α-synuclein oligomers interact with ATP synthase and open the permeability transition pore in Parkinson’s disease

More about Open Access at the Crick

Abstract

Protein aggregation causes α-synuclein to switch from its physiological role to a pathological toxic gain of function. Under physiological conditions, monomeric α-synuclein improves ATP synthase efficiency. Here, we report that aggregation of monomers generates beta sheet-rich oligomers that localise to the mitochondria in close proximity to several mitochondrial proteins including ATP synthase. Oligomeric α-synuclein impairs complex I-dependent respiration. Oligomers induce selective oxidation of the ATP synthase beta subunit and mitochondrial lipid peroxidation. These oxidation events increase the probability of permeability transition pore (PTP) opening, triggering mitochondrial swelling, and ultimately cell death. Notably, inhibition of oligomer-induced oxidation prevents the pathological induction of PTP. Inducible pluripotent stem cells (iPSC)-derived neurons bearing SNCA triplication, generate α-synuclein aggregates that interact with the ATP synthase and induce PTP opening, leading to neuronal death. This study shows how the transition of α-synuclein from its monomeric to oligomeric structure alters its functional consequences in Parkinson’s disease.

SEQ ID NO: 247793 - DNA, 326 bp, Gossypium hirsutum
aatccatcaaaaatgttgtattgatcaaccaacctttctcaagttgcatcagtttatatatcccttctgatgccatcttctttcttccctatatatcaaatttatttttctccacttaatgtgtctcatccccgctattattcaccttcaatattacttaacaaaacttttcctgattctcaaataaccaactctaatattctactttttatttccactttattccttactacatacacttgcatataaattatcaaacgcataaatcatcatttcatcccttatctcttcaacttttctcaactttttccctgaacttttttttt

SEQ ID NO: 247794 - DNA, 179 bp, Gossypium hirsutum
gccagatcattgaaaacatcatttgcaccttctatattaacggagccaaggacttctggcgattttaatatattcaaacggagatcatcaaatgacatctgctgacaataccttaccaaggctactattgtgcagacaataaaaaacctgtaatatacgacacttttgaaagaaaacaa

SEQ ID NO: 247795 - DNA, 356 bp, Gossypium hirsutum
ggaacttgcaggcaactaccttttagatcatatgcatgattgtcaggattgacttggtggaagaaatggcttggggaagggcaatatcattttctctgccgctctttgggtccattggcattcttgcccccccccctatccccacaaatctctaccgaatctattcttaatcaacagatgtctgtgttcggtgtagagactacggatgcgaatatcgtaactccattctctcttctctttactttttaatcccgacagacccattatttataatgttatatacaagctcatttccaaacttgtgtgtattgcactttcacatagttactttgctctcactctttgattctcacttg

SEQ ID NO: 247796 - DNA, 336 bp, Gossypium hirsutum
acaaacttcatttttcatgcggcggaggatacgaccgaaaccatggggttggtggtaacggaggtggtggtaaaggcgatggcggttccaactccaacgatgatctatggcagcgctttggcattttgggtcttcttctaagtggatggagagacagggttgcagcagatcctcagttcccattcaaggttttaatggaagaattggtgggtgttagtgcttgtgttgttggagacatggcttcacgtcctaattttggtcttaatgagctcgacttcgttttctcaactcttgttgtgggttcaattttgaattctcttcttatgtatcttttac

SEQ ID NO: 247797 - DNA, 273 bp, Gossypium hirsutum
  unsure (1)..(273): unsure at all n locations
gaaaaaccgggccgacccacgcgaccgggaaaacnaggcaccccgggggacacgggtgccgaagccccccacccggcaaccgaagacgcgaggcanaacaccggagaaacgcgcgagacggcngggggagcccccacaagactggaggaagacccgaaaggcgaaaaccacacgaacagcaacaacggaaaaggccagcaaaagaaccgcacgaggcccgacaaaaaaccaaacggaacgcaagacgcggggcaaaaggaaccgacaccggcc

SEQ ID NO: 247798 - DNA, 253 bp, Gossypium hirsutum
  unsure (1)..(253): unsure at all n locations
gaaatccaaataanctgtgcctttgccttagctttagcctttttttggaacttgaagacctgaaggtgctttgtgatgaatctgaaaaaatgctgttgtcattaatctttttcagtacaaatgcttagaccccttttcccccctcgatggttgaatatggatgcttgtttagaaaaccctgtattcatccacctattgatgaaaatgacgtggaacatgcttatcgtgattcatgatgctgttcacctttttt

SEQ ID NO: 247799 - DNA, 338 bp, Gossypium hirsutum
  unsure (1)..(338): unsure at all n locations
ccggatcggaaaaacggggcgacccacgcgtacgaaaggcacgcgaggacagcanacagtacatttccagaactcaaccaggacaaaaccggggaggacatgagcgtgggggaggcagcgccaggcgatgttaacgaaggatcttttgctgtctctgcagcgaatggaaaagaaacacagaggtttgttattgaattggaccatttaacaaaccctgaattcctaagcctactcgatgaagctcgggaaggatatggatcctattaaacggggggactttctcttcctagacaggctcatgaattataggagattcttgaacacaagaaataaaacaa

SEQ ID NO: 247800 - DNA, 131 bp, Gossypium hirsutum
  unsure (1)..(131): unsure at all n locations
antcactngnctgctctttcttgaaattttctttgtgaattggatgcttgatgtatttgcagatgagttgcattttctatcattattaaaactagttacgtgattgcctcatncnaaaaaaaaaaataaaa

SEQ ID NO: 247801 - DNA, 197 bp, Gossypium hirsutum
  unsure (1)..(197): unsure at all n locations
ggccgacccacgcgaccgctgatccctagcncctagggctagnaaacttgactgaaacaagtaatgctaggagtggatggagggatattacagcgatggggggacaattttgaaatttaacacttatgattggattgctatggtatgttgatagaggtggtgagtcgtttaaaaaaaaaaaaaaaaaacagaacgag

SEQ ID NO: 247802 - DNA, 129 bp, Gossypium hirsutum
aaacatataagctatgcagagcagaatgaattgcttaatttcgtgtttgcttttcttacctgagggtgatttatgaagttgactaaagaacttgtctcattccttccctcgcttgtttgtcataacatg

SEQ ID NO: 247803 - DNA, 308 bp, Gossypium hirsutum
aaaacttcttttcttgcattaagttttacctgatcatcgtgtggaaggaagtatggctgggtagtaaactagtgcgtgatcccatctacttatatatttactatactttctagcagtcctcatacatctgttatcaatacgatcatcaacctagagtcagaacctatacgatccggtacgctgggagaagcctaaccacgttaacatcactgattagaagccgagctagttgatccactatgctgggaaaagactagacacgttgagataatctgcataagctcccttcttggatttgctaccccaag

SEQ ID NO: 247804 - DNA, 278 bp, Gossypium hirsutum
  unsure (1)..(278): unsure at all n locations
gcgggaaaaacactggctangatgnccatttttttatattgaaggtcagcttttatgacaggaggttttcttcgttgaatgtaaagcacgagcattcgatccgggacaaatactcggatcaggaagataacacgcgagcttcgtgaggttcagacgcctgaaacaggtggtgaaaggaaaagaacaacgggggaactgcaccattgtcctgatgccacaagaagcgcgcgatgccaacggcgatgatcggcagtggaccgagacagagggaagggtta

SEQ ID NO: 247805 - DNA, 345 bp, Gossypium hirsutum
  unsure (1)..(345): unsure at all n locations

Journal details

Volume 9
Issue number 1
Pages 2293-2293
Publication date

Keywords

Crick authors

Crick First author
Crick Corresponding author